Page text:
UK Chancellor Rishi Sunak has extended the business rates holiday announced in last week’s budget to cover all businesses in the retail, hospitality and leisure sector.
Speaking at the government’s daily coronavirus briefing today (17 March), Sunak reiterated the message that the government would do “whatever it takes” to deal with Covid-19 outbreak.
He acknowledge that some sectors were facing “particularly acute challenges” and meetings would be held in the coming dates to “identify other specific opportunities to support them and their industries, including possible regulatory forbearance”.
Regarding the retail, leisure and hospitality sectors, Sunak said that there had been “concerns about the impact on pubs, clubs, theatres and other hospitaltiy, leisure and retail venues”.
Answering concerns raised by the industry and in an article in the drinks business, Sunak said that for those businesses that have insurance policies which cover pandemics, that “the government action is sufficient and will allow businesses to make an insurance claim against their policy”.
However, Sunak acknowledged that many companies in the industry were not covered and that the government needed to “do more” to help them.
He added: “I announced last week that for businesses in the retail, hospitality and leisure sectors with a rateable value of less than £51,000, they will pay no business rates this year. Today, I can go further and provide those businesses in those sectors with an additional cash grant of up to £25,000 per business to help bridge through this period.
“Additionally I am also extending today the business rates holiday to all businesses in those sectors irrespective of their rateable value. That means every single shop, pub, theatre, music venue, restaurant and any other businesses in the retail, hospitality and leisure sector will pay no business rates whatsoever for 12 months.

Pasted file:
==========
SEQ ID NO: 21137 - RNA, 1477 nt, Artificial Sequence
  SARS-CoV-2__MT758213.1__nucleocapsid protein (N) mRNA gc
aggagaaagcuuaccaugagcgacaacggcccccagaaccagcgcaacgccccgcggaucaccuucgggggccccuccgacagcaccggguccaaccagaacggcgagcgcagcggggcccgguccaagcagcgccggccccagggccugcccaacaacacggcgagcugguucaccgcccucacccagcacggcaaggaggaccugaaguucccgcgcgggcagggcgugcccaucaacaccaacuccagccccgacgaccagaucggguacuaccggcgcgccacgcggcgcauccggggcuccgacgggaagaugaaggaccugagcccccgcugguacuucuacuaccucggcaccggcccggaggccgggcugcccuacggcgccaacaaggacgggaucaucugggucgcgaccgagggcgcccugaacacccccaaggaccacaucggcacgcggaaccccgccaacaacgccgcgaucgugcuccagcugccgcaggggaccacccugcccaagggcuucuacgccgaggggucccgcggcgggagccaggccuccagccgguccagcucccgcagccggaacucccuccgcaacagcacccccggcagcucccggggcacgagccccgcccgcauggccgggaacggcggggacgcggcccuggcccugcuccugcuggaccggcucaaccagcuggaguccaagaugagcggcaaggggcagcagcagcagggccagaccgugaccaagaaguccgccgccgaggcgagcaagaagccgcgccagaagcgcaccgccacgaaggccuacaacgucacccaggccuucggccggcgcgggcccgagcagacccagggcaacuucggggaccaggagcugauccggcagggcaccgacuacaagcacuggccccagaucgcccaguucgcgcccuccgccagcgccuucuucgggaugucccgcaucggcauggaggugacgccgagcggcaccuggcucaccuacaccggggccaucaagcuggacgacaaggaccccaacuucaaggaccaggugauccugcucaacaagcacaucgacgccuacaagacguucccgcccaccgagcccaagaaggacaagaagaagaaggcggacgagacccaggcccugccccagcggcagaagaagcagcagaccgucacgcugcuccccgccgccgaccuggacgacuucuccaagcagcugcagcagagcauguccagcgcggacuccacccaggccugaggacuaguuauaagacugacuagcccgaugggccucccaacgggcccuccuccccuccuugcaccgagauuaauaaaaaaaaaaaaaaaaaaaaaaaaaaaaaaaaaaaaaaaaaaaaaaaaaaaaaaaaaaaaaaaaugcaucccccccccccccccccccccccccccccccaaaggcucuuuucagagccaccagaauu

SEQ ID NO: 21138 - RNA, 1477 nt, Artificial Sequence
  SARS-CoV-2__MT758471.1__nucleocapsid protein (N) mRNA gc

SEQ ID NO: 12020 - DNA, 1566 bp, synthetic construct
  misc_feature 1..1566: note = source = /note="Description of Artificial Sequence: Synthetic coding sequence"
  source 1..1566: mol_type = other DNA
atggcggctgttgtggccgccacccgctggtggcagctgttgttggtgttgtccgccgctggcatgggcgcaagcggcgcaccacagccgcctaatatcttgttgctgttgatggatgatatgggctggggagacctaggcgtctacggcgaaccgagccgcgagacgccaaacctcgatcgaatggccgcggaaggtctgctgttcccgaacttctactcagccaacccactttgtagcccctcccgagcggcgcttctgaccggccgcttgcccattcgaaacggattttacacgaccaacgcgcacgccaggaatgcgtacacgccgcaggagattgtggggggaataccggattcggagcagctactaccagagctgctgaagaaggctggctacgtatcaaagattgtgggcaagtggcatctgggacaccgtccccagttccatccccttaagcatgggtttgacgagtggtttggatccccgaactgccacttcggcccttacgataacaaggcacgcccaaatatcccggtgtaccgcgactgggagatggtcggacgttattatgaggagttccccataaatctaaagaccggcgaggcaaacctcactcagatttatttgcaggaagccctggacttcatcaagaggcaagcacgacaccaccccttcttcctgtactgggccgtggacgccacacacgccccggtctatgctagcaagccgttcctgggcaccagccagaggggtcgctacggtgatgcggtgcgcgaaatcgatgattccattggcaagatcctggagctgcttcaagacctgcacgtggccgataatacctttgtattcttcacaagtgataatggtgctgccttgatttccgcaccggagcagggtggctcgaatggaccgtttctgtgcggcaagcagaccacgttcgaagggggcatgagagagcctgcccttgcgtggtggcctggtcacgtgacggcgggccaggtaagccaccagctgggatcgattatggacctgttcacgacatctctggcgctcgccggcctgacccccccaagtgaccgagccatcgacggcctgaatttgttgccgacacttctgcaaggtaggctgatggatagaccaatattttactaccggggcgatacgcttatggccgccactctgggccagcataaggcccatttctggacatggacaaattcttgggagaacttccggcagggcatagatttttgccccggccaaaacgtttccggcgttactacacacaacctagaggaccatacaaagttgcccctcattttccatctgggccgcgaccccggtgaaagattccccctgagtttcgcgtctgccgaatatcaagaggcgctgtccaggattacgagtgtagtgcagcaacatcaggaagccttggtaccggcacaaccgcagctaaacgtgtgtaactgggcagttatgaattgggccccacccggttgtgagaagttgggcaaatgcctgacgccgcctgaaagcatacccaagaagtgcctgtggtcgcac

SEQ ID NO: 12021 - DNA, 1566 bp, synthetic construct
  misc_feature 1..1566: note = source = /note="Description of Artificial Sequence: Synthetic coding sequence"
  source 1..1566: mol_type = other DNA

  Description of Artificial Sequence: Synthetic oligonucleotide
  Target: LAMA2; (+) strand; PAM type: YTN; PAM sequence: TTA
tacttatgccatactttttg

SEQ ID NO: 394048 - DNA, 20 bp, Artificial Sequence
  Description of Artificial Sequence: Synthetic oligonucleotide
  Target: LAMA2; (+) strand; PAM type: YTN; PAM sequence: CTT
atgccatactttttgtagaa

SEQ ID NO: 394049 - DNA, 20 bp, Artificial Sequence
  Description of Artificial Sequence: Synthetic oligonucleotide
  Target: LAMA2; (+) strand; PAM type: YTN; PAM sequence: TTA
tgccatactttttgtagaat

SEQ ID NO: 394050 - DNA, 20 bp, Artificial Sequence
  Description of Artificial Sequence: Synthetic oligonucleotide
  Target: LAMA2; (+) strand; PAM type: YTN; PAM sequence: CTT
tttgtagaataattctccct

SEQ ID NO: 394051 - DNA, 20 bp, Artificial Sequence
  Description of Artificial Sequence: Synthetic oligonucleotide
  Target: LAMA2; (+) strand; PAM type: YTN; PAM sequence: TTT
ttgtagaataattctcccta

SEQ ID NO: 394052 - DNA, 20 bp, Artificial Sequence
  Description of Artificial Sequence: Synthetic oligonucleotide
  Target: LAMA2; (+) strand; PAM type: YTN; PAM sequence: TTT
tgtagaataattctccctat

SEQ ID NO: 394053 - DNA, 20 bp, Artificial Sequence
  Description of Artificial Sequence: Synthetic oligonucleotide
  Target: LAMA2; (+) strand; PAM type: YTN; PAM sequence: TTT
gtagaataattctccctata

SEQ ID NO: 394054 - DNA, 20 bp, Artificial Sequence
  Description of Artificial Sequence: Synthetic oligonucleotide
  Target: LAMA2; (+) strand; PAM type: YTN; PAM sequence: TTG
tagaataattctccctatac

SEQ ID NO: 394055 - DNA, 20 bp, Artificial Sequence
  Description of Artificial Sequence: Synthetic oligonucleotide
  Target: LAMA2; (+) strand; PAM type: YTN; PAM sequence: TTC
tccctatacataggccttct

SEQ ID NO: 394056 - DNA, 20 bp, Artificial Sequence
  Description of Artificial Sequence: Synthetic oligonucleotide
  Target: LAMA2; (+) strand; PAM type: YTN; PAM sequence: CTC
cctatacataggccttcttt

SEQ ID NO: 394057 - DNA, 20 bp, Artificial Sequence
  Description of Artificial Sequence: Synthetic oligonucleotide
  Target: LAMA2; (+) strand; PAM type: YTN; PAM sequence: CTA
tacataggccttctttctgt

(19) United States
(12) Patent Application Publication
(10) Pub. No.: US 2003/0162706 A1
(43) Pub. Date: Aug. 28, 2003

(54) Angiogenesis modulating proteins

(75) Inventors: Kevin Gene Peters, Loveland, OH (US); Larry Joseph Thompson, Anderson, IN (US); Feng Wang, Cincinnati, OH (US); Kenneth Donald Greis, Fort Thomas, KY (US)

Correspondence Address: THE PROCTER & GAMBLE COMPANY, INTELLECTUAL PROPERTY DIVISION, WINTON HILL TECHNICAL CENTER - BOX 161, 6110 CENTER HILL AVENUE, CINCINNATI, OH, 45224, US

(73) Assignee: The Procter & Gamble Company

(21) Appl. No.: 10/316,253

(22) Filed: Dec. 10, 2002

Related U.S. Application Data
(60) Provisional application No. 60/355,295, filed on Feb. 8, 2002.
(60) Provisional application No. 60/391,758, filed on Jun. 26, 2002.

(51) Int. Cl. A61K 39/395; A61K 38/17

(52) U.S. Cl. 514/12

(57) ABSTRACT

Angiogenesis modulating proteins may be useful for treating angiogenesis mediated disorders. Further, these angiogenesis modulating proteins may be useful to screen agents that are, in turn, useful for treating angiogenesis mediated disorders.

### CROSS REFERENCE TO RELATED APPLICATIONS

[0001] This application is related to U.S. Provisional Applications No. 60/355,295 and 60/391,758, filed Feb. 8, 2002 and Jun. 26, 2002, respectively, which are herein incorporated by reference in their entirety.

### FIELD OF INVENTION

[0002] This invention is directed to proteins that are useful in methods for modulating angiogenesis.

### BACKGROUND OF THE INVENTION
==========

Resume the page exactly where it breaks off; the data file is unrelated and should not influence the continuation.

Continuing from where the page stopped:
“If they have a rateable value of less than £51,000 they can also now get a cash grant as well.
“I also announced last week that we would be providing £3,000 cash grants to the 700,000 of our smallest businesses. In light of the new circumstances and to support their cash flow, today I can increase those cash grants to £10,000.”
During the press conference, Sunak also revealed he would make £330 billion available in loans to keep firms afloat during the outbreak. He has also agreed to support liquidity among larger firms and has agreed a facility with the Bank of England.
For small and medium sized businesses, he has extended the businesses interruption loan scheme announced last week, providing loans of up to £5 million, instead of £1.2 million, with no interest due for the first five months.
Commenting on the measures announced by the Chancellor, CAMRA’s national chairman, Nik Antona, said: “The government’s announced measures to mitigate the devastating impact of Covid-19 do not go far enough in ensuring no pub, club or brewery goes out of business as a result of the current crisis.
“While a business rate holiday for all hospitality businesses and rate relief for eligible pubs will help alleviate some costs, this will do little to compensate for the potential collapse of cashflow in businesses which customers have been told to stay away from. Making loans to businesses with no money coming in and multiple overheads to meet through a period of no, or low trading, is simply kicking the can down the road.
“We would urge additional measures to cover all liabilities, however long the restrictions on pubs, to ensure these vital businesses can emerge unsaddled by debt and able to deliver the many benefits to the communities they serve.”